Spanish missionaries introduced costumed matachines, often masked, who dramatized the superiority of the Christian god vs. other beliefs in their dances, but the indigenous concealed their own interpretations, which are today accepted as syncretism. 

Thursday, celebrating the Morismas de Bracho, a group of male matachines wore red shirts, embroidered sashes, some blue, some black, some tri-colored green-white-red, the colors of Mexico, and white waistbands. They dressed in long skirts, embellished with Christian images and adorned with bamboo rattles sewn into the brightly colored garments and danced wearing oversized fringed, round feathered hats, that looked like huge donuts with circles decorating the flat tops, and shaking gourds. They performed in the atrium, arched and colonnaded, in front of St. John's the Baptist’s Chapel. St. John the Baptist is syncretisticly associated with water and the Aztec rain god Tlaloc.
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The battles had ended, the smoke had cleared, and rain had baptized the brotherhoods, the public and spectators. Bands serenaded the brotherhoods in the atrium in front of St. John the Baptist’s Chapel and a final mass was held. The field was mud, but the feeling was redemption and grace.

​The End

Dick Davis
I spoke with the dancers. As a tourist with a camera I was ignored somewhat, and maybe there was some ridicule and humor among the Huichols at my expense, spoofing me. But as I continued to ask questions that were not answered, I was introduced to Pedro Sanchez Ventura, an 81-year-old respected elder, who I believe was to decide if I were to be informed. I mentioned a round hat with a yellow circle on the flat top surface. “It has many names,” he said, “monterilla, plumero, tenacho, sombrero.” "Is it a symbolic sun?" I asked. The elder smiled and that question seemed to change the conversation from ridicule to serious discussion. At that moment, the elder seemed to embrace respect for my interest. We chatted and the elder said, "I have no education. I herded goats in the mountains, but we Huichols, we have a mind and thoughts, intelligence, and knowledge of nature, animals and plants. We dance and rattle the gourds, praying for rain, for god to let us see rain." The Huichol elder had a bright eye and I felt the twinkle, that his god was both the god of John the Baptist and the Aztec Tlaloc.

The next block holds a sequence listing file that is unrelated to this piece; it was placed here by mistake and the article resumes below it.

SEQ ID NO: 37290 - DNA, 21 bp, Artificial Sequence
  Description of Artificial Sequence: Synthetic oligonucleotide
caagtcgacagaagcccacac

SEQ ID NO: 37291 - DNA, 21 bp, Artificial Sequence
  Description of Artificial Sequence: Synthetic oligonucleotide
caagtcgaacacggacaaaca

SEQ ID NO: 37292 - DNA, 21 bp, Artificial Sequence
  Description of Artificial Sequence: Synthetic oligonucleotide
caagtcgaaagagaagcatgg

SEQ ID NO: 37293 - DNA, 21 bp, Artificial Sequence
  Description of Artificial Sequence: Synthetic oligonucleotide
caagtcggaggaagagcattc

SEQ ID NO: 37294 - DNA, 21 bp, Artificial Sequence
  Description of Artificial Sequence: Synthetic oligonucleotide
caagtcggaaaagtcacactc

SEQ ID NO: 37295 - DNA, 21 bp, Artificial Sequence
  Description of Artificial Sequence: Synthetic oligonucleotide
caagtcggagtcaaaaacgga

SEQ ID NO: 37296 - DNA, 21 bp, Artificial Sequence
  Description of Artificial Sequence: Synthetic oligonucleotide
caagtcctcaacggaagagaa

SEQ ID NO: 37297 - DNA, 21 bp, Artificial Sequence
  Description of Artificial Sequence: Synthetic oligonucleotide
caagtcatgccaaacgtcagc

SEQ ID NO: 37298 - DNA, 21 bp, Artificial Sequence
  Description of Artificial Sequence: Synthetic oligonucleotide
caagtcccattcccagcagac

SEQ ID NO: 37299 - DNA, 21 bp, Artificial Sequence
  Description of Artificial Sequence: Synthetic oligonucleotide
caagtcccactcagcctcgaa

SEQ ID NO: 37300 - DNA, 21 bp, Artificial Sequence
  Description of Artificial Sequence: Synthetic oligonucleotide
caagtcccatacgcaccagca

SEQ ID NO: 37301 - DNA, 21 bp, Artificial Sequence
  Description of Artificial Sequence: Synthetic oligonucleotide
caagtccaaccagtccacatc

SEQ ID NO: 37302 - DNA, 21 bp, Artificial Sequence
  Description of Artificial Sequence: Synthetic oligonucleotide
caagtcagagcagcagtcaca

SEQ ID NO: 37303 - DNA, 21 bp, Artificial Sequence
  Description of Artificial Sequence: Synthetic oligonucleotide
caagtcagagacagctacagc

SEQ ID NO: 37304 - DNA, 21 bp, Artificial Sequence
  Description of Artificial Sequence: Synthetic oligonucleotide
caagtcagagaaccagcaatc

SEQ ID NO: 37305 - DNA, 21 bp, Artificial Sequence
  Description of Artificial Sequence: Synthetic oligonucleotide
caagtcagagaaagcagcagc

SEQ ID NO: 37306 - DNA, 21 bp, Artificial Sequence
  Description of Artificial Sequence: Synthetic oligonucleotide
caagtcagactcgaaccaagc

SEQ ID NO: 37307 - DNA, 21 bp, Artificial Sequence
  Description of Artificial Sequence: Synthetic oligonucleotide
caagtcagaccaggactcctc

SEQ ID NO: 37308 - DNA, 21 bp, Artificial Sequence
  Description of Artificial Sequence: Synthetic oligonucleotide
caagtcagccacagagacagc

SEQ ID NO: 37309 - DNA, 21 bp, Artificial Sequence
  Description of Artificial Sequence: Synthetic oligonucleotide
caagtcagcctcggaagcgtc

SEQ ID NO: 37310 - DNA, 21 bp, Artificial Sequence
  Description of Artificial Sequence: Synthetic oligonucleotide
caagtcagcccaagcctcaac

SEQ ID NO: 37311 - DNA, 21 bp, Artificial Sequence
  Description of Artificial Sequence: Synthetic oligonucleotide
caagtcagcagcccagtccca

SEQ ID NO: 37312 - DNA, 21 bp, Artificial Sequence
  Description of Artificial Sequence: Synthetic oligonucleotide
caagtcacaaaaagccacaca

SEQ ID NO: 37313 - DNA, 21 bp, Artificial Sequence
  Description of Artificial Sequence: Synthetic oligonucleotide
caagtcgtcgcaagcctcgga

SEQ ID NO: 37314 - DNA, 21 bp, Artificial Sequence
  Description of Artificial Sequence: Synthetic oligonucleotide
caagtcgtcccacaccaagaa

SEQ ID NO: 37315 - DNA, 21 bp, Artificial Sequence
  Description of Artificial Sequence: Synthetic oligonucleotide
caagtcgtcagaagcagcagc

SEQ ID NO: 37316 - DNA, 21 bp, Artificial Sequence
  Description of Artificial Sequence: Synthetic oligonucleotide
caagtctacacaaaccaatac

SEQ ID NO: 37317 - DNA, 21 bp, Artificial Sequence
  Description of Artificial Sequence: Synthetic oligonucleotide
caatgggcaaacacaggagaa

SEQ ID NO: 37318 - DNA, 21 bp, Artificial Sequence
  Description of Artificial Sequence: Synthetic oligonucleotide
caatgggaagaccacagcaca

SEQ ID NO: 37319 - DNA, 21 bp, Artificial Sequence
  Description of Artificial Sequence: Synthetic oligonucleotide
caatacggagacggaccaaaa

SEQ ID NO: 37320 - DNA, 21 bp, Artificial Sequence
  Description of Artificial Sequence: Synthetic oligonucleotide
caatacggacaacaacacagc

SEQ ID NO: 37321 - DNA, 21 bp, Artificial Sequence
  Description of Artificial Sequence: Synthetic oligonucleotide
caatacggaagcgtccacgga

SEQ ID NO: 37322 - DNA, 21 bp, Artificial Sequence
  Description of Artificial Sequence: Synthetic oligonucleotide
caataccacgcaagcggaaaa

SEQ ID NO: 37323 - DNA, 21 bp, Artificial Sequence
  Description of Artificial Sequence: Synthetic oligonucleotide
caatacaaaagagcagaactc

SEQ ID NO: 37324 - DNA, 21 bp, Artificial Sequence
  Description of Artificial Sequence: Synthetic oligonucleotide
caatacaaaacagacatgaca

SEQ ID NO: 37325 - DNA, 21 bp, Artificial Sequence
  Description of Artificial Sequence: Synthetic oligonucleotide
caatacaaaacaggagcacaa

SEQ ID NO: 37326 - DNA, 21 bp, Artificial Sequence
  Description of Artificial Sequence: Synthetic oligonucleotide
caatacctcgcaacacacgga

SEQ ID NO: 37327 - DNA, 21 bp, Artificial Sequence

Decapitations also echo pre-Hispanic Mexico and human sacrifices. Aztecs waged Flower Wars, not to kill but to capture their enemy. 

There are aspects that are not part of the Morismas, the Reconquest drama. I failed to find any reference to Santiago, Spain’s patron saint, who is credited with delivering the Moors into Christian hands. Perhaps it’s a purposeful avoidance of the memory of Cortez and the Spanish Conquest of Mexico. The Catholic religion, although accepted and dominant, is also evaded by syncretism. 
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Lic. Miguel Alfonso Reyes Dick Davis Lic. Arnoldo Rodríquez Governor Zacatecas Presidente Municipal
Lic. Miguel Alfonso Reyes Dick Davis Lic. Arnoldo Rodríquez Governor Zacatecas Presidente Municipal

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Zacatecas